"But I do think Whit hits on something that feels authentic, even if it doesn't feel like it's necessarily like the world. It's authentic, but it doesn't have veracity — I think that's the word I'm looking for.
"It's not cinema verite. … He deals with things that are rather serious in a very funny, lighthearted way. But I think the themes of truthfulness and self-invention and depression and suicide — those are not light themes, and there's something about the way he deals with them that I can feel is real in a deeper sense."
Gerwig has been on a run. After landing opposite Ben Stiller in Noah Baumbach's spiky 2010 entry Greenberg, the New York-based actress tried her hand at mainstream studio fare, with significant roles in Arthur and No Strings Attached. This year, on the heels of Damsels in Distress, Gerwig will be seen in the lead of Lola Versus and To Rome With Love, the new one — set in Rome — from Woody Allen.
About Lola Versus, opening in June: "She's a girl in her late 20s, and it's about a tumultuous year of her life. And it happens that I got this script almost exactly when one of my best friends went through something just incredibly similar. … It is very rare to find a script that really is about the female lead character.
"Usually when those scripts exist, there are at least 20 other girls ahead of me in the pecking order."
About To Rome with Love, which also stars Penélope Cruz, Jesse Eisenberg, Alec Baldwin, and Allen: "I'm not sure I'm allowed to talk about it yet," Gerwig says, laughing. "I haven't seen it … and who knows, I might be cut out of the film.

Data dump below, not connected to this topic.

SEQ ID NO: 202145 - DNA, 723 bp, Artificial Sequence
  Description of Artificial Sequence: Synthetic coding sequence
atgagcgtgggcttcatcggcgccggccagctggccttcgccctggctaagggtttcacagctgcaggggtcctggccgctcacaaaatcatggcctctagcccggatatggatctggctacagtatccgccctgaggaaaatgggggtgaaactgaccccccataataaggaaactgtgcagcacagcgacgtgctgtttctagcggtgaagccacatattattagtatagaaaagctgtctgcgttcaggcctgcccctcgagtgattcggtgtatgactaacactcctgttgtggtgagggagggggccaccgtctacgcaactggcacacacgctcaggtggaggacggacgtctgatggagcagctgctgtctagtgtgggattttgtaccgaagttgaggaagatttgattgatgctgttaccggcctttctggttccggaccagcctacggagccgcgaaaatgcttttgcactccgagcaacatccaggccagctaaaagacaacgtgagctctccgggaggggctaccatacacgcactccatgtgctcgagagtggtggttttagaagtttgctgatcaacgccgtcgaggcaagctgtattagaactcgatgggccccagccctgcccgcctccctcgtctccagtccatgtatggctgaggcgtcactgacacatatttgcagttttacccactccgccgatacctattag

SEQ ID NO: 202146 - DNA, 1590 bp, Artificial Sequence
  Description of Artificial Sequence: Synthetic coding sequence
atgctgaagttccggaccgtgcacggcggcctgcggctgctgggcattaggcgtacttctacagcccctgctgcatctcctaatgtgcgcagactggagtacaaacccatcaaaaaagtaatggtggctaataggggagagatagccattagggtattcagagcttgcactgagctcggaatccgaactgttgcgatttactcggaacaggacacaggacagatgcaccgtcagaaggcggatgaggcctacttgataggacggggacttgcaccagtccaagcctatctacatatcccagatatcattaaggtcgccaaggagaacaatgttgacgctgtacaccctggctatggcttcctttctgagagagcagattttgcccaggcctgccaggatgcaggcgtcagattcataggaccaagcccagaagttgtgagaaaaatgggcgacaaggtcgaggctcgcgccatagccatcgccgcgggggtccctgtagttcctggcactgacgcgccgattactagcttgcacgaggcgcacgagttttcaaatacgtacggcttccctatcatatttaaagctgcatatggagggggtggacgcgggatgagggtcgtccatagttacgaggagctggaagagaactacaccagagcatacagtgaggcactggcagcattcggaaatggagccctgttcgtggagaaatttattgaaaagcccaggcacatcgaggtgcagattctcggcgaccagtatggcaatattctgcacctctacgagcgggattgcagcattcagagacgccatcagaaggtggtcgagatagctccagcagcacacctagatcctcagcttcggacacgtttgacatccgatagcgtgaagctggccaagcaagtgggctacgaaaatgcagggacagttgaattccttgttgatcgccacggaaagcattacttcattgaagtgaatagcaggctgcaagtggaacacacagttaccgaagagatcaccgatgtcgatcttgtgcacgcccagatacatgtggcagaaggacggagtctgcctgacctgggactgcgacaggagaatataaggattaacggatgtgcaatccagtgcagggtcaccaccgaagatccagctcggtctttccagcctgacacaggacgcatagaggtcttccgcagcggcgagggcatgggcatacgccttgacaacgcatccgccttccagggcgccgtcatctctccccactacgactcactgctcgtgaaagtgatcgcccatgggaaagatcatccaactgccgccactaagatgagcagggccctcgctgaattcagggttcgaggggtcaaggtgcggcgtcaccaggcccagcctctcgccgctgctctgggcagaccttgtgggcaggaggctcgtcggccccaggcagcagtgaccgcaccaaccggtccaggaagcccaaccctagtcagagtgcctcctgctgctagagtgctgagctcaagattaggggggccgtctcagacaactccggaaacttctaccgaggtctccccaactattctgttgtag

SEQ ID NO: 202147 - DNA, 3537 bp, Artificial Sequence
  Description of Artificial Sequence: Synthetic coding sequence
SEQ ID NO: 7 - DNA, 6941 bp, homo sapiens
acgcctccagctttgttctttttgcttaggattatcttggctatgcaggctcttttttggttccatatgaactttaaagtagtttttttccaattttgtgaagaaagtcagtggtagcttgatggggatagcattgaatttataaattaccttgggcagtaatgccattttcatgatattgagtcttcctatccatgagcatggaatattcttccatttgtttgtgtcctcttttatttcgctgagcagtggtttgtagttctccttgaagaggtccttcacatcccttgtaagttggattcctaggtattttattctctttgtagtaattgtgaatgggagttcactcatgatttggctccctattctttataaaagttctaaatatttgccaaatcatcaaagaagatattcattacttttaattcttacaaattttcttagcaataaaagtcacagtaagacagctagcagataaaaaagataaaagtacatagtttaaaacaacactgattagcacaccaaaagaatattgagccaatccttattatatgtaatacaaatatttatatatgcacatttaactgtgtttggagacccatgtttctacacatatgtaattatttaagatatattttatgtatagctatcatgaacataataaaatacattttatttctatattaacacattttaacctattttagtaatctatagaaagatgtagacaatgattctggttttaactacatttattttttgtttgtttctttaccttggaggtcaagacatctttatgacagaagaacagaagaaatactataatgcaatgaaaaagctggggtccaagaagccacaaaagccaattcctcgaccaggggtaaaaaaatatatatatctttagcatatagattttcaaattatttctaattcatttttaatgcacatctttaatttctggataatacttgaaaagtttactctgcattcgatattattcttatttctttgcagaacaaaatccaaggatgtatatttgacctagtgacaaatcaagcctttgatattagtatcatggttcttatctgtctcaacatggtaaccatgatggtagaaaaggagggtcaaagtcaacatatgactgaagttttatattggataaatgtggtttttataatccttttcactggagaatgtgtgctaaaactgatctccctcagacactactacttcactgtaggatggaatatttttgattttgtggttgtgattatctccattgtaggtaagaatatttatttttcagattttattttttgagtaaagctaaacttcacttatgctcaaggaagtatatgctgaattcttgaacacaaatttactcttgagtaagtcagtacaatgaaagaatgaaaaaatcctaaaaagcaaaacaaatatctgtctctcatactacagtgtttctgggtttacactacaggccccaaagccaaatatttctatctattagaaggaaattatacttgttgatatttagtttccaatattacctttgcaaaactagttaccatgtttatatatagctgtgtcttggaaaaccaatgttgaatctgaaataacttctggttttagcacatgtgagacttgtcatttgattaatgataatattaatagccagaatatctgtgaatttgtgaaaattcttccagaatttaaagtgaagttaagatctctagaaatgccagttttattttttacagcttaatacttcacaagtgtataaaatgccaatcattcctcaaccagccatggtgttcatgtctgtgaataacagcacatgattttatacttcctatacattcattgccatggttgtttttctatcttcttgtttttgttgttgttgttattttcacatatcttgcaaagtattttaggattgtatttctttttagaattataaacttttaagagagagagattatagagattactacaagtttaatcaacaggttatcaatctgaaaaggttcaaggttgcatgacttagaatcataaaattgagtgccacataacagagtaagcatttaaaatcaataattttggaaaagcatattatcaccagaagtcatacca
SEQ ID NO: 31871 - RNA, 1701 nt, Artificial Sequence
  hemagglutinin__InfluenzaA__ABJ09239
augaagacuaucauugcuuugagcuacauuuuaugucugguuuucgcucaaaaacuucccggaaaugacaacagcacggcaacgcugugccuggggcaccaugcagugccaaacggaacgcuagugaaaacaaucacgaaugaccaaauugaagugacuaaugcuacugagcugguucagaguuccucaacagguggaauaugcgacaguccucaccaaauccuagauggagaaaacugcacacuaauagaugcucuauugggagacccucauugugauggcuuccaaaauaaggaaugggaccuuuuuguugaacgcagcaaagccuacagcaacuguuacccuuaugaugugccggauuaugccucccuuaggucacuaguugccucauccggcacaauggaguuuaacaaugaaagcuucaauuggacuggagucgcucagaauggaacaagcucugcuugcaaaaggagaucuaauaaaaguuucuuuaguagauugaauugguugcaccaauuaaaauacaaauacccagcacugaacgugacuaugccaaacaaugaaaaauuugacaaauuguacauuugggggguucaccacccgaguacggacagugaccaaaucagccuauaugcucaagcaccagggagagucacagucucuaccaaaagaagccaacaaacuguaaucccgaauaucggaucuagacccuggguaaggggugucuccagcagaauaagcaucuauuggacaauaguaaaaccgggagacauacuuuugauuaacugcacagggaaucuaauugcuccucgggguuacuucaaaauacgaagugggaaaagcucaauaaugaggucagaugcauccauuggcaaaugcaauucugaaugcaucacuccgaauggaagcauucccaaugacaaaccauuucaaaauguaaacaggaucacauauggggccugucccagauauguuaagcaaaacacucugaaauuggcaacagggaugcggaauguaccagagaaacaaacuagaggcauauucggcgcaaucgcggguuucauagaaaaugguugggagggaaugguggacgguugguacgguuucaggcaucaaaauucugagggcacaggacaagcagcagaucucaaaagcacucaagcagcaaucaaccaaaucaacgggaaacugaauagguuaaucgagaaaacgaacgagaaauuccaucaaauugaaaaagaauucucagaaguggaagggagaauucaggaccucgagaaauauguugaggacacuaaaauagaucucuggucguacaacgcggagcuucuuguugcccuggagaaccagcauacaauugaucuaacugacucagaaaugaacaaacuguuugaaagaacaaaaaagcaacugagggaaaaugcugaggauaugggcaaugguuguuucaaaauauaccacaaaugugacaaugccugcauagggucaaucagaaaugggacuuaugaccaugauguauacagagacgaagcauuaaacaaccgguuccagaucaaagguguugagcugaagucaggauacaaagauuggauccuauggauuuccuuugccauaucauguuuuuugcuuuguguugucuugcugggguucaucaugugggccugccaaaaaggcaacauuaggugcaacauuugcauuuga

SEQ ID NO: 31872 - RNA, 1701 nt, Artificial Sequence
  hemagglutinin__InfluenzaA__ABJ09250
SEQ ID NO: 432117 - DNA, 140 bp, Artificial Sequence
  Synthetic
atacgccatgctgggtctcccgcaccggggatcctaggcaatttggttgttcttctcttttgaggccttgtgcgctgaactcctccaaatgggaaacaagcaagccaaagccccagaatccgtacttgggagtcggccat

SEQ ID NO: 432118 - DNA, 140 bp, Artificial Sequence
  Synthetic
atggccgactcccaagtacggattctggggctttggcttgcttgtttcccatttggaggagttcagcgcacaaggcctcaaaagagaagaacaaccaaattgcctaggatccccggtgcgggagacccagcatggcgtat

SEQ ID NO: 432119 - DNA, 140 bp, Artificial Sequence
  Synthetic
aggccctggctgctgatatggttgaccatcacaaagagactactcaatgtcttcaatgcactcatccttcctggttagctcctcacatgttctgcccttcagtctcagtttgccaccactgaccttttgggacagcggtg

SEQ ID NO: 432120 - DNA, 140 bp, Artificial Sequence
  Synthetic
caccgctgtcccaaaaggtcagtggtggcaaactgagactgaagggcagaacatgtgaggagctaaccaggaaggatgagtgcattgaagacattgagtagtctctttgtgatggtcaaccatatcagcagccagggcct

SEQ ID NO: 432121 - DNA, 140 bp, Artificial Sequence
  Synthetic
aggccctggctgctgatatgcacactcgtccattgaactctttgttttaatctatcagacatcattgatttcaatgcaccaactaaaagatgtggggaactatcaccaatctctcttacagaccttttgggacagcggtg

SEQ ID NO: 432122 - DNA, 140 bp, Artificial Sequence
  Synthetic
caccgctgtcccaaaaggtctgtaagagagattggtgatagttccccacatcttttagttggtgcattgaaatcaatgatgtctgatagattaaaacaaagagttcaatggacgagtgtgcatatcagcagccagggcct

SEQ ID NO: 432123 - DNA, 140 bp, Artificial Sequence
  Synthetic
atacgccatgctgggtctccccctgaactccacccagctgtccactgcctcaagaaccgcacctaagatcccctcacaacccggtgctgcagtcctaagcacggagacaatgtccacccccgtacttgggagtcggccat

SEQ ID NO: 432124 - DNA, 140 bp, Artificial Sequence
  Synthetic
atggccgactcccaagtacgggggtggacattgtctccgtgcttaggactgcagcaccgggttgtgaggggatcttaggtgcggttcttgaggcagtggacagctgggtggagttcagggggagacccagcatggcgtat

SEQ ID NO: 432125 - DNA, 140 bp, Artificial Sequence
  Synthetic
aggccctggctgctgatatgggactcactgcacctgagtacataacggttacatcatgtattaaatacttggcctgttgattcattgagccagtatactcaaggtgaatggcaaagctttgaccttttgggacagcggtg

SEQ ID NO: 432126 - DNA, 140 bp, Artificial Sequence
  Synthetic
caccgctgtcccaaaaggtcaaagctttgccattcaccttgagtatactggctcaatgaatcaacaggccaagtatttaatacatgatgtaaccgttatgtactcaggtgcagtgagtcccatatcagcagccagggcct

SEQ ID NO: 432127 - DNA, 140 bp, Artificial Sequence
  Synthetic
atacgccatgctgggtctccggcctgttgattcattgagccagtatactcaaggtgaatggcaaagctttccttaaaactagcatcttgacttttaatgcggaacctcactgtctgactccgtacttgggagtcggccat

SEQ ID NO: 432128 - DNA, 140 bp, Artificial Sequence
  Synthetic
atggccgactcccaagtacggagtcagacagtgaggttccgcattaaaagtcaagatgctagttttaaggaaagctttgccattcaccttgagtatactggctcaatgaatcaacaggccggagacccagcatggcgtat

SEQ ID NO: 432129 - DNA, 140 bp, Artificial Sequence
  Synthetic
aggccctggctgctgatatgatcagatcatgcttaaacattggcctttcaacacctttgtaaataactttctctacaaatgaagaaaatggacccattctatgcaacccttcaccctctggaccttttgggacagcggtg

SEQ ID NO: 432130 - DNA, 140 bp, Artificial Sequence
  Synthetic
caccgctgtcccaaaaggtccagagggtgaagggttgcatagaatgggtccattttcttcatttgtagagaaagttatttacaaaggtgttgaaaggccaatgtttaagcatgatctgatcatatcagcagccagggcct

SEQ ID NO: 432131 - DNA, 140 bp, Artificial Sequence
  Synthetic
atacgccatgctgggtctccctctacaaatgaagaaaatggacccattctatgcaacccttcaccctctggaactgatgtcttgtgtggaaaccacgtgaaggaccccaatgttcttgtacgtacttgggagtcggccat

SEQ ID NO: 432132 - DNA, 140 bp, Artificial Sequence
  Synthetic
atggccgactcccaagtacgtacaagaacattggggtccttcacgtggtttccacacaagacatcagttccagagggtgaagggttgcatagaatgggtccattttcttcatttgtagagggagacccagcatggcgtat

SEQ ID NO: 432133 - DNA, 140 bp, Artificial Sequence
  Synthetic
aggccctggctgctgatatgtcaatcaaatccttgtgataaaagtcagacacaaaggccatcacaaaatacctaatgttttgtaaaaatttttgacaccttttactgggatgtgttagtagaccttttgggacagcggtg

"Well, I think I can be sure that I'm in it, at least a little," she adds. "But I'm very superstitious."
The life of Marley Kevin Macdonald, director of The Last King of Scotland and State of Play, had originally planned to do a fictionalized feature exploring the huge impact Bob Marley has had on the worlds of music and popular culture in the 30 years since he died.
That project didn't come together, but as Macdonald was doing research, he got to know some of the people who worked closely with the Jamaican reggae star, responsible for such hits as "No Woman No Cry," "I Shot the Sheriff," and "Exodus." The singer, songwriter, musician, and devout Rasta died at age 36 of a long-untreated cancer.
And so Macdonald got the job — and the music rights, and the concert footage, and a wealth of Marley video and audio interviews — to make a documentary. Marley, a revealing 2-hour, 20-minute look at the dreadlocked music icon who has sold millions more recordings since his death than during his lifetime, opened Fridayat the Ritz at the Bourse.
"His afterlife is so fascinating, and I think it's unique as well," Macdonald says, on the phone from Curaçao, where he had just screened his doc at a film festival. "I don't think there's anyone else in the music firmament who comes close in terms of the variety and breadth and importance of his legacy. … With Marley, it's the style, it's the dreads, it's the association with Jamaica, and it's the way he speaks to people in the developing world. People know him — where they would never have heard of the Beatles or the Stones in India, they've heard of Marley. And he speaks to people in this way that is more than just musical. It's spiritual.
"And of course on top of that he's a symbol for potheads, for student rebellion. He's the other face on the wall, the other poster, besides Che Guevara. So it's a huge range of influences he's left behind."